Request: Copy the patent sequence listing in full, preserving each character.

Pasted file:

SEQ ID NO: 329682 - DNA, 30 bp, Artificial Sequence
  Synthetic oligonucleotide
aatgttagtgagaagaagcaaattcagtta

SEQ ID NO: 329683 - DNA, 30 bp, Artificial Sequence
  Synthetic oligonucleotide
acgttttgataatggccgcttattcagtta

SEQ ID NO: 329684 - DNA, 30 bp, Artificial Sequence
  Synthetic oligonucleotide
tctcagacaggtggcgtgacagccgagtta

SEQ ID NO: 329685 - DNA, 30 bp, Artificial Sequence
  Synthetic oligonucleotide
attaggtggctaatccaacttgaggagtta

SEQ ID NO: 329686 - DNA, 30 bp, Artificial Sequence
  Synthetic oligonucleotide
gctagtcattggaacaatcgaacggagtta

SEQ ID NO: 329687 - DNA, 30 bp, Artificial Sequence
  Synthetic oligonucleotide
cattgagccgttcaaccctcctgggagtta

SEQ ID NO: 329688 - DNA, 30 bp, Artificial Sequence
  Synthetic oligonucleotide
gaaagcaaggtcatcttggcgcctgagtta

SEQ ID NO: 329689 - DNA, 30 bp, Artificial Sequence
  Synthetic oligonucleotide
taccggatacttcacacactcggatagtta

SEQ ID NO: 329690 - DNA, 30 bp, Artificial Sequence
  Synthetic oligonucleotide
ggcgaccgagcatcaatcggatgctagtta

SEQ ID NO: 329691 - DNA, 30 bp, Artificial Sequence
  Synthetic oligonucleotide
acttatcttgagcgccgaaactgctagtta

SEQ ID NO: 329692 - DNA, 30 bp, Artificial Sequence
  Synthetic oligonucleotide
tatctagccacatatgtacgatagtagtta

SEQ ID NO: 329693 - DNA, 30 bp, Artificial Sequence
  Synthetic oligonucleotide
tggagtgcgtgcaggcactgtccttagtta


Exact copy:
SEQ ID NO: 329682 - DNA, 30 bp, Artificial Sequence
  Synthetic oligonucleotide
aatgttagtgagaagaagcaaattcagtta

SEQ ID NO: 329683 - DNA, 30 bp, Artificial Sequence
  Synthetic oligonucleotide
acgttttgataatggccgcttattcagtta

SEQ ID NO: 329684 - DNA, 30 bp, Artificial Sequence
  Synthetic oligonucleotide
tctcagacaggtggcgtgacagccgagtta

SEQ ID NO: 329685 - DNA, 30 bp, Artificial Sequence
  Synthetic oligonucleotide
attaggtggctaatccaacttgaggagtta

SEQ ID NO: 329686 - DNA, 30 bp, Artificial Sequence
  Synthetic oligonucleotide
gctagtcattggaacaatcgaacggagtta

SEQ ID NO: 329687 - DNA, 30 bp, Artificial Sequence
  Synthetic oligonucleotide
cattgagccgttcaaccctcctgggagtta

SEQ ID NO: 329688 - DNA, 30 bp, Artificial Sequence
  Synthetic oligonucleotide
gaaagcaaggtcatcttggcgcctgagtta

SEQ ID NO: 329689 - DNA, 30 bp, Artificial Sequence
  Synthetic oligonucleotide
taccggatacttcacacactcggatagtta

SEQ ID NO: 329690 - DNA, 30 bp, Artificial Sequence
  Synthetic oligonucleotide
ggcgaccgagcatcaatcggatgctagtta

SEQ ID NO: 329691 - DNA, 30 bp, Artificial Sequence
  Synthetic oligonucleotide
acttatcttgagcgccgaaactgctagtta

SEQ ID NO: 329692 - DNA, 30 bp, Artificial Sequence
  Synthetic oligonucleotide
tatctagccacatatgtacgatagtagtta

SEQ ID NO: 329693 - DNA, 30 bp, Artificial Sequence
  Synthetic oligonucleotide
tggagtgcgtgcaggcactgtccttagtta